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Tax Updates: September-October 2022

22 Nov 2022

Trilegal X AVCJ and MergerMarket – ION Group
This update covers key judicial and regulatory developments in the months of September and October 2022 relating to direct tax, goods and services tax, customs, central excise and promissory estoppel against state.
Partners: Himanshu Sinha, Counsels: Aditi Goyal and Shashank Shekhar, Senior Associates: Bhuwan Dhoopar and Tushar Joshi, Associates: Ekansh Saigal and Samyak Jain

Direct Tax

Supreme Court settles judicial conflict on the due date for payment of employees’ contributions to statutory funds

On 12 October 2022, the Supreme Court, in a batch of appeals led by Checkmate Services P. Ltd. v CIT, held that employees’ contributions towards employees’ provident fund (EPF), state insurance (ESI) and other similar funds must be deposited by the employer on or before the due dates specified under the statutes governing such funds (Statutory Due Dates). Otherwise, such employees’ contributions would constitute taxable income for the employer for the subject year.

Under the scheme of the (Indian) Income Tax Act (ITA), employees’ contributions towards statutory funds received by an employer-taxpayer are treated as its business income, if such sums are not deposited with the concerned authorities before the Statutory Due Dates prescribed under the applicable labour welfare laws. On the other hand, under Section 43B of the ITA, employer’s contributions towards these funds for a particular financial year may be claimed as tax deductible expenditure for such year even if such contributions by the employer are paid beyond the Statutory Due Dates, so long as the deposits are made before the due date for filing the annual tax return of the employer-taxpayer.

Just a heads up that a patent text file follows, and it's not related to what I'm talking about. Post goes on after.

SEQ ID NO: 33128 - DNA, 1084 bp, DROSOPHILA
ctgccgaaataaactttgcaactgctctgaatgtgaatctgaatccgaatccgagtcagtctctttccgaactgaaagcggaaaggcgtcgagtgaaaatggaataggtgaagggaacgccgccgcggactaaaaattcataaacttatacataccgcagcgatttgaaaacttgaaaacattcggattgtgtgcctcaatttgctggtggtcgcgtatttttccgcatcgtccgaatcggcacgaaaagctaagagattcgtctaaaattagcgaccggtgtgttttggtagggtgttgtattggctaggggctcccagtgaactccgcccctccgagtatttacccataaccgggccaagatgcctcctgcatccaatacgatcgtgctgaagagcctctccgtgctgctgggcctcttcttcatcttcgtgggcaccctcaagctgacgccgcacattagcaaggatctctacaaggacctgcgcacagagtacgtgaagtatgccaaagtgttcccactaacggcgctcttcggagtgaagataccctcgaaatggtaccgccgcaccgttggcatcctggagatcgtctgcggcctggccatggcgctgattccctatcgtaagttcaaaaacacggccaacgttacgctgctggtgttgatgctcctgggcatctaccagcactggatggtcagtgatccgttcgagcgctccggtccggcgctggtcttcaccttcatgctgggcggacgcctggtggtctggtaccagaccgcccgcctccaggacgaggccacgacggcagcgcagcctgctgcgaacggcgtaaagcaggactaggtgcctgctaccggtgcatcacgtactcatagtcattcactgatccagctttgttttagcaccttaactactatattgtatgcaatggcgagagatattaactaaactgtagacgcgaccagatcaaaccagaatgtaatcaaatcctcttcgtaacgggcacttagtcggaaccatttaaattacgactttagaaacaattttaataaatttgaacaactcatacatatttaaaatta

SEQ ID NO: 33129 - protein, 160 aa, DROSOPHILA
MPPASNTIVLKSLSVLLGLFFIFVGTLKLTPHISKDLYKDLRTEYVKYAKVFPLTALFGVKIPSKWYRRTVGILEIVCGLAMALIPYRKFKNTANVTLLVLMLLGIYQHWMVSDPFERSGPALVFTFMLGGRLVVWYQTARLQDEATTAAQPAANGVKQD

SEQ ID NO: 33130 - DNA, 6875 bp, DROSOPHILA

The ITA did not explicitly provide this extended timeline (i.e., up to the due date for filing the annual tax return) in respect of employees’ contributions towards such funds. However, in several cases, High Courts have held that employees’ contributions paid beyond the Statutory Due Dates prescribed under the applicable labour welfare laws but before the due date for filing the annual tax return should not be considered as the taxable income of the employer-taxpayer. In doing so, the High Courts have generally relied on an earlier ruling of the Supreme Court in the case of Alom Extrusions (2009).

In the present appeals as well, the employer-taxpayers had deposited employees’ contributions towards EPF and ESI after the Statutory Due Dates but before the due date for filing the annual tax return. The tax authorities treated such contributions as the taxable income of the employer-taxpayers. Therefore, the key issue under consideration was whether the employer must deposit employees’ contributions towards statutory funds before the Statutory Due Dates prescribed under the applicable labour welfare laws, or if it would suffice to deposit such amounts before the due date for filing the annual tax return.

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